Baxter, Gavin. “Social Media in Organizations.” The International Encyclopedia of Digital Communication and Society, edited by Robin Mansell, and Peng Hwa Ang, Wiley, 1st edition, 2015. Credo Reference, https://libproxy.volstate.edu/login?url=https://search.credoreference.com/content/entry/wileydcas/social_media_in_organizations/0?institutionId=3707. Accessed 07 Nov. 2018.
- This article explains the application of social media in the workplace. Then, It explains what positives this media has in interactions between customers and workers. This can be used to show what types of site benefit large businesses.
Bellin, Joshua, and Paul F. Nunes. “Thriving with the crowd: marketing with (and against) the new influence peddlers.” Ivey Business Journal Reprints, July 2013. Academic OneFile, http://link.galegroup.com/apps/doc/A345462072/AONE?u=tel_a_vscc&sid=AONE&xid=72af02fb. Accessed 8 Nov. 2018.
- This article directly speaks of the benefits of promoting through social media. The article goes over the different types of uses for social media; then, it gives examples to back their claims. I will use this to give a perspective on large and small business as well as the consumer power social media gives.
Blank, Trevor J. “Social Media.” Encyclopedia of American Studies, edited by Simon Bronner, Johns Hopkins University Press, 1st edition, 2018. Credo Reference, https://libproxy.volstate.edu/login?url=https://search.credoreference.com/content/entry/jhueas/social_media/0?institutionId=3707. Accessed 07 Nov. 2018.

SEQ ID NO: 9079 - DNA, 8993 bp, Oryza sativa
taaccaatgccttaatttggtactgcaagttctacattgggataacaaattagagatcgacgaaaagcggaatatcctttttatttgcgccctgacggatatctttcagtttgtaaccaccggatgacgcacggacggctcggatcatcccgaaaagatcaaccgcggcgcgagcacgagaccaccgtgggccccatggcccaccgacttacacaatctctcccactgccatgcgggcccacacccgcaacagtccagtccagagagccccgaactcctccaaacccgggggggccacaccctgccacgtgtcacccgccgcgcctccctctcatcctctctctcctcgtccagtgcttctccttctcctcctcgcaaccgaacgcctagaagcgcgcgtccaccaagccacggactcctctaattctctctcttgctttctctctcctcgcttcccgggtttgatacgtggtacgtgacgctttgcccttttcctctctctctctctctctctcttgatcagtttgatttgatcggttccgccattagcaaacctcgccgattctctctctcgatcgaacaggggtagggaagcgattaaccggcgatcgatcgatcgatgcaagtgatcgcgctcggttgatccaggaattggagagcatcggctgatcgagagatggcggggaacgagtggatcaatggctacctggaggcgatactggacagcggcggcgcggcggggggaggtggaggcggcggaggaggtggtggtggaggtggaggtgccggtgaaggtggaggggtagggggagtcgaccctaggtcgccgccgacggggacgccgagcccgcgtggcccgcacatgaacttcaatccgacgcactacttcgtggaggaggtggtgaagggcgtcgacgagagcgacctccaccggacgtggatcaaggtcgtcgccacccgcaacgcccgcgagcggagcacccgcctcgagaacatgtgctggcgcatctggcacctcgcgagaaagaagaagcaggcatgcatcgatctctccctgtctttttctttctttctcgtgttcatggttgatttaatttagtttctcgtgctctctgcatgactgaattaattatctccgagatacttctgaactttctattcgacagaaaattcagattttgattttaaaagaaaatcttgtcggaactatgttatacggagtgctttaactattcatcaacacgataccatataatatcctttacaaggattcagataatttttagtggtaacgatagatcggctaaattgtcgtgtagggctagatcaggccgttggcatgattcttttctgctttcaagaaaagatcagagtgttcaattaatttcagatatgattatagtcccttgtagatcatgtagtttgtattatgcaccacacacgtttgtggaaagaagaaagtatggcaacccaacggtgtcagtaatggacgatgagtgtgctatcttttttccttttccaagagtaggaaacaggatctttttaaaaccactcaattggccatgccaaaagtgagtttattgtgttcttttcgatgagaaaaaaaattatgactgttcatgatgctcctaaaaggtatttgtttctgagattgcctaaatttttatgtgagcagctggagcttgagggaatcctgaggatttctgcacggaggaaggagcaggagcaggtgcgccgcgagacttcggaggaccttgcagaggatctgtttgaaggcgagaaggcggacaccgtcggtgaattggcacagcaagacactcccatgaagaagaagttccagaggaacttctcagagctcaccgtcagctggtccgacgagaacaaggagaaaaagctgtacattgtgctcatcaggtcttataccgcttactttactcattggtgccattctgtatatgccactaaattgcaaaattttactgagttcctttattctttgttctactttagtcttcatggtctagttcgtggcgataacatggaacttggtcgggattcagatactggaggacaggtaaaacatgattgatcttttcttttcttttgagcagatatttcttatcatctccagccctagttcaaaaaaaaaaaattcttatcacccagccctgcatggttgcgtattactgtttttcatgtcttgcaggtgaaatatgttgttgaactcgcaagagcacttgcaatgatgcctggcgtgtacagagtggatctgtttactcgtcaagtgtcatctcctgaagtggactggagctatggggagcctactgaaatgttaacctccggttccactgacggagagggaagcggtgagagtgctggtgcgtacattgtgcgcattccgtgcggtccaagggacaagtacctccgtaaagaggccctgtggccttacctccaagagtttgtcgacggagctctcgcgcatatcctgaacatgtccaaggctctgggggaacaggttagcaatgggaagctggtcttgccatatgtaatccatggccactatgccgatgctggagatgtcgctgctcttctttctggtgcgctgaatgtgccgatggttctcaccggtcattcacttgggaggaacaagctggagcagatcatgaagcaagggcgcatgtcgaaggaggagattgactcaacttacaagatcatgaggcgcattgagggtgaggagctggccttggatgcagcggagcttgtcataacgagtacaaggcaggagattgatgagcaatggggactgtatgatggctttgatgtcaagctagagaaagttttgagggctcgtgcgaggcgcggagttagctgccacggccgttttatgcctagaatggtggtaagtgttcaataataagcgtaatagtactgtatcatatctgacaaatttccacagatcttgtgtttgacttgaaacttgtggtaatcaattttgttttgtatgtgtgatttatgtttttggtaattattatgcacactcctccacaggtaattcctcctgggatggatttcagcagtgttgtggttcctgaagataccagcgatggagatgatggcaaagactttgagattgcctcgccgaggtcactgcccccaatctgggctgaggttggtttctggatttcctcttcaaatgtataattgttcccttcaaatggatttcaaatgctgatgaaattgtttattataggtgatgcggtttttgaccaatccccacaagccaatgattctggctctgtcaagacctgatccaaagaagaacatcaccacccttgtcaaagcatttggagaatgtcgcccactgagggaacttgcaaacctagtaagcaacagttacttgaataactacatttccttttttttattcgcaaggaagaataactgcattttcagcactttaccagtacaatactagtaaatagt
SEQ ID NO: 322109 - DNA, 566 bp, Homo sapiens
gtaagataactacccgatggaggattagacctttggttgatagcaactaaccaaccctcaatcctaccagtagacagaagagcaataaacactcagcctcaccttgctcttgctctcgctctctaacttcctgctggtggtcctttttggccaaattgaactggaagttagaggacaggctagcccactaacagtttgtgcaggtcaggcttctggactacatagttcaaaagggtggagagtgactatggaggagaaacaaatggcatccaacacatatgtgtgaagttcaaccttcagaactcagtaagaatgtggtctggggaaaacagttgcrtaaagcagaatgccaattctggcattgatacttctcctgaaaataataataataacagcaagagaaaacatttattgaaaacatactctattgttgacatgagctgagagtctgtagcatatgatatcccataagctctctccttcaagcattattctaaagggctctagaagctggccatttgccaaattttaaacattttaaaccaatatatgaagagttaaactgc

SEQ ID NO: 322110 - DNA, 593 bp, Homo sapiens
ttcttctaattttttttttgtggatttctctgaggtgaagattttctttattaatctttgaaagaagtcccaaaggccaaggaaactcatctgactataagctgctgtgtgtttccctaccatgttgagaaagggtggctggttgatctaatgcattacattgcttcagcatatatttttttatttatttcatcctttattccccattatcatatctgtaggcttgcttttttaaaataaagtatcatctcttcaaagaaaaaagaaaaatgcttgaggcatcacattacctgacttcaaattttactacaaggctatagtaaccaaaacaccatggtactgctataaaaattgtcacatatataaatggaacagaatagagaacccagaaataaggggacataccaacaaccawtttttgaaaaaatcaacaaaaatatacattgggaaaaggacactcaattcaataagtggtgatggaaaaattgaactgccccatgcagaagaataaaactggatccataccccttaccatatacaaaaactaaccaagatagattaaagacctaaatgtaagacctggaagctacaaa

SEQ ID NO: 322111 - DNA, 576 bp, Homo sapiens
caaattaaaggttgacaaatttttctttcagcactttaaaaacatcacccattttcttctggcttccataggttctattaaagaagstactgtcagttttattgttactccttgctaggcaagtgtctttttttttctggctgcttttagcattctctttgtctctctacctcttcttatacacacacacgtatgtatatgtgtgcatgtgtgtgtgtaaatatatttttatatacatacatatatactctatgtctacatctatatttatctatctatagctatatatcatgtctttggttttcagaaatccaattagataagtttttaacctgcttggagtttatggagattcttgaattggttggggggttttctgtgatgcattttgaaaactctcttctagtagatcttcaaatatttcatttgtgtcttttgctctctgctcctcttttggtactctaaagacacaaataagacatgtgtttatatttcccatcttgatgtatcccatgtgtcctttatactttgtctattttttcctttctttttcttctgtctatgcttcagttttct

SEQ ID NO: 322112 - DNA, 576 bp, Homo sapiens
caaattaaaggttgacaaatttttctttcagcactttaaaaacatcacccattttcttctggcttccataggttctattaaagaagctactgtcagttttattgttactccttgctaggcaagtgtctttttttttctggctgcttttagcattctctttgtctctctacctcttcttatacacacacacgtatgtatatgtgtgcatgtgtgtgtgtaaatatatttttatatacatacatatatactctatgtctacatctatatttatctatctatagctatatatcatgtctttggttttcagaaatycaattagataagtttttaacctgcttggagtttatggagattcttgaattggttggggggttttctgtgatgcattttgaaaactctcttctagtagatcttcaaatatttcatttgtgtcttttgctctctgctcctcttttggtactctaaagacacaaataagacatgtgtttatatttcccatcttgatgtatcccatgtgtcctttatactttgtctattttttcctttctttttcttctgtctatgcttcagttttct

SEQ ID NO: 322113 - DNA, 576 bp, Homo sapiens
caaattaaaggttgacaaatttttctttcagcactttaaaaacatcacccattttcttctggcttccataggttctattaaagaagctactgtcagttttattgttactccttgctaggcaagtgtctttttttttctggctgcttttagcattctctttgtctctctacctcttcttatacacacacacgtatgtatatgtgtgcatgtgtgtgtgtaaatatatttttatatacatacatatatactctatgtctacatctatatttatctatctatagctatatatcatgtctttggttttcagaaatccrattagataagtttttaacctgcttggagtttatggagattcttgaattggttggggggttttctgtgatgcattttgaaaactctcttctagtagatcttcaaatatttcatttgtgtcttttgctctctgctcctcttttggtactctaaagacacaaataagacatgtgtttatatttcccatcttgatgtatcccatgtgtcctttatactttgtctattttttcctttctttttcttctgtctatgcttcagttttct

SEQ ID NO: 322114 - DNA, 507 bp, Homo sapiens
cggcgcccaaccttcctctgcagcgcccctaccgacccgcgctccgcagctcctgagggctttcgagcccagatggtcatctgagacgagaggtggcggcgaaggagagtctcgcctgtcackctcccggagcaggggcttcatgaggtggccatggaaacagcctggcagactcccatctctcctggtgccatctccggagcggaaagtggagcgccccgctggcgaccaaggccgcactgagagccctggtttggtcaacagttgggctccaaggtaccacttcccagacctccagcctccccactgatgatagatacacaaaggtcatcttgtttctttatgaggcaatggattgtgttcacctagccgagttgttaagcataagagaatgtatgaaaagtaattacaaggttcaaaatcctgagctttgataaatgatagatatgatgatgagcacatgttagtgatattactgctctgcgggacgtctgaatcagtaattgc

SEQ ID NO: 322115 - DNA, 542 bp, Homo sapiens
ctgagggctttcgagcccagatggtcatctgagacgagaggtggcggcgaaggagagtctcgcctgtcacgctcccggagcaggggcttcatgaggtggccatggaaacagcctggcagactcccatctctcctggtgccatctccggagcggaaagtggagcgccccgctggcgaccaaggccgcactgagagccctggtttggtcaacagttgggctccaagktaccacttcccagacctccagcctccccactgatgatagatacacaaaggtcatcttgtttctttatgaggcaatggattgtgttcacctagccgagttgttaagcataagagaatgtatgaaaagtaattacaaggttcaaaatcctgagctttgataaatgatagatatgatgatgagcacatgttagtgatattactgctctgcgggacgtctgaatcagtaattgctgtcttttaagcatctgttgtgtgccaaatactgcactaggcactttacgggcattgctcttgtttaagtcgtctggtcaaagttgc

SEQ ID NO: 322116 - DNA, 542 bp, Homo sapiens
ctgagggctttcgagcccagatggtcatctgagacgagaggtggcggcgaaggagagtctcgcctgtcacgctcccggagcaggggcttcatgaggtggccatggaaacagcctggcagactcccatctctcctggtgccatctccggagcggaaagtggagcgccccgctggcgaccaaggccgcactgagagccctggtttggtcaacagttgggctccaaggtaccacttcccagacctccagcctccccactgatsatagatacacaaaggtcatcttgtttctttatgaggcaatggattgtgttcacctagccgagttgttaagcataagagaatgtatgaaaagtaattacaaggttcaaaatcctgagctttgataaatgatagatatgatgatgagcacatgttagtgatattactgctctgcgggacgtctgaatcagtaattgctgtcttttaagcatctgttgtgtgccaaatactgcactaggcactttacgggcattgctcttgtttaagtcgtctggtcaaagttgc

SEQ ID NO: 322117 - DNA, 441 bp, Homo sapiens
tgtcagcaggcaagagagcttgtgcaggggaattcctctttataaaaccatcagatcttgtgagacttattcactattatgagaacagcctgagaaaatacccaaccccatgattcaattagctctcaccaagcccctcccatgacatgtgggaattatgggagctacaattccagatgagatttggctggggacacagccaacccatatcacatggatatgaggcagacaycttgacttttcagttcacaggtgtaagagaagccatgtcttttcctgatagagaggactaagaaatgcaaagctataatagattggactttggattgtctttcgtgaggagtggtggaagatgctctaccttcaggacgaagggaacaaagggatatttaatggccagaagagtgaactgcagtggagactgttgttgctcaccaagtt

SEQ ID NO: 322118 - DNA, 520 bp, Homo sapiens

- This source explains what Web 2.0 refers to, and it gives detailed descriptions over different types of social media which have sprung from Web 2.0. The article allowed me to get an idea of what types of media would work with economics. As well, it will give me an introduction to explain what Web 2.0 is.
Geho, Patrick R, and Jennifer Dangelo. “THE EVOLUTION OF SOCIAL MEDIA AS A MARKETING TOOL FOR ENTREPRENEURS.” The Entrepreneurial Executive; Arden, vol. 17, 2012, pp. 61-68. ProQuest Research Library, libproxy.volstate.edu/
login?url=https://search.proquest.com/docview/1037409443?accountid=14861. Accessed 7 Nov. 2018.
- This Article is about the implications of social media and small business. It goes over the way that media site allows small businesses to reach a much larger number of people. I will use this article to show how businesses must use social media if they want to grow in this modern time.
Park, Haeik, et al. “Yelp versus inspection reports: is quality correlated with sanitation in retail food facilities?” Journal of Environmental Health, vol. 78, no. 10, 2016, p. 8+. Academic OneFile, http://link.galegroup.com/apps/doc/A452290848/AONE?u=tel_a_vscc&sid=AONE&xid=026ac9ff. Accessed 8 Nov. 2018.
- The article is a scientific study of the implications of Yelp reviews to base sanitation standards on. It fines that score in the overall “health” of the establishment rarely matches up with public reviews. This article is used to show that Yelp quickly became consumers go to information site for opinions on shops. Additionally, it will be used to illustrate how business have to please people as to not receive a lowered review.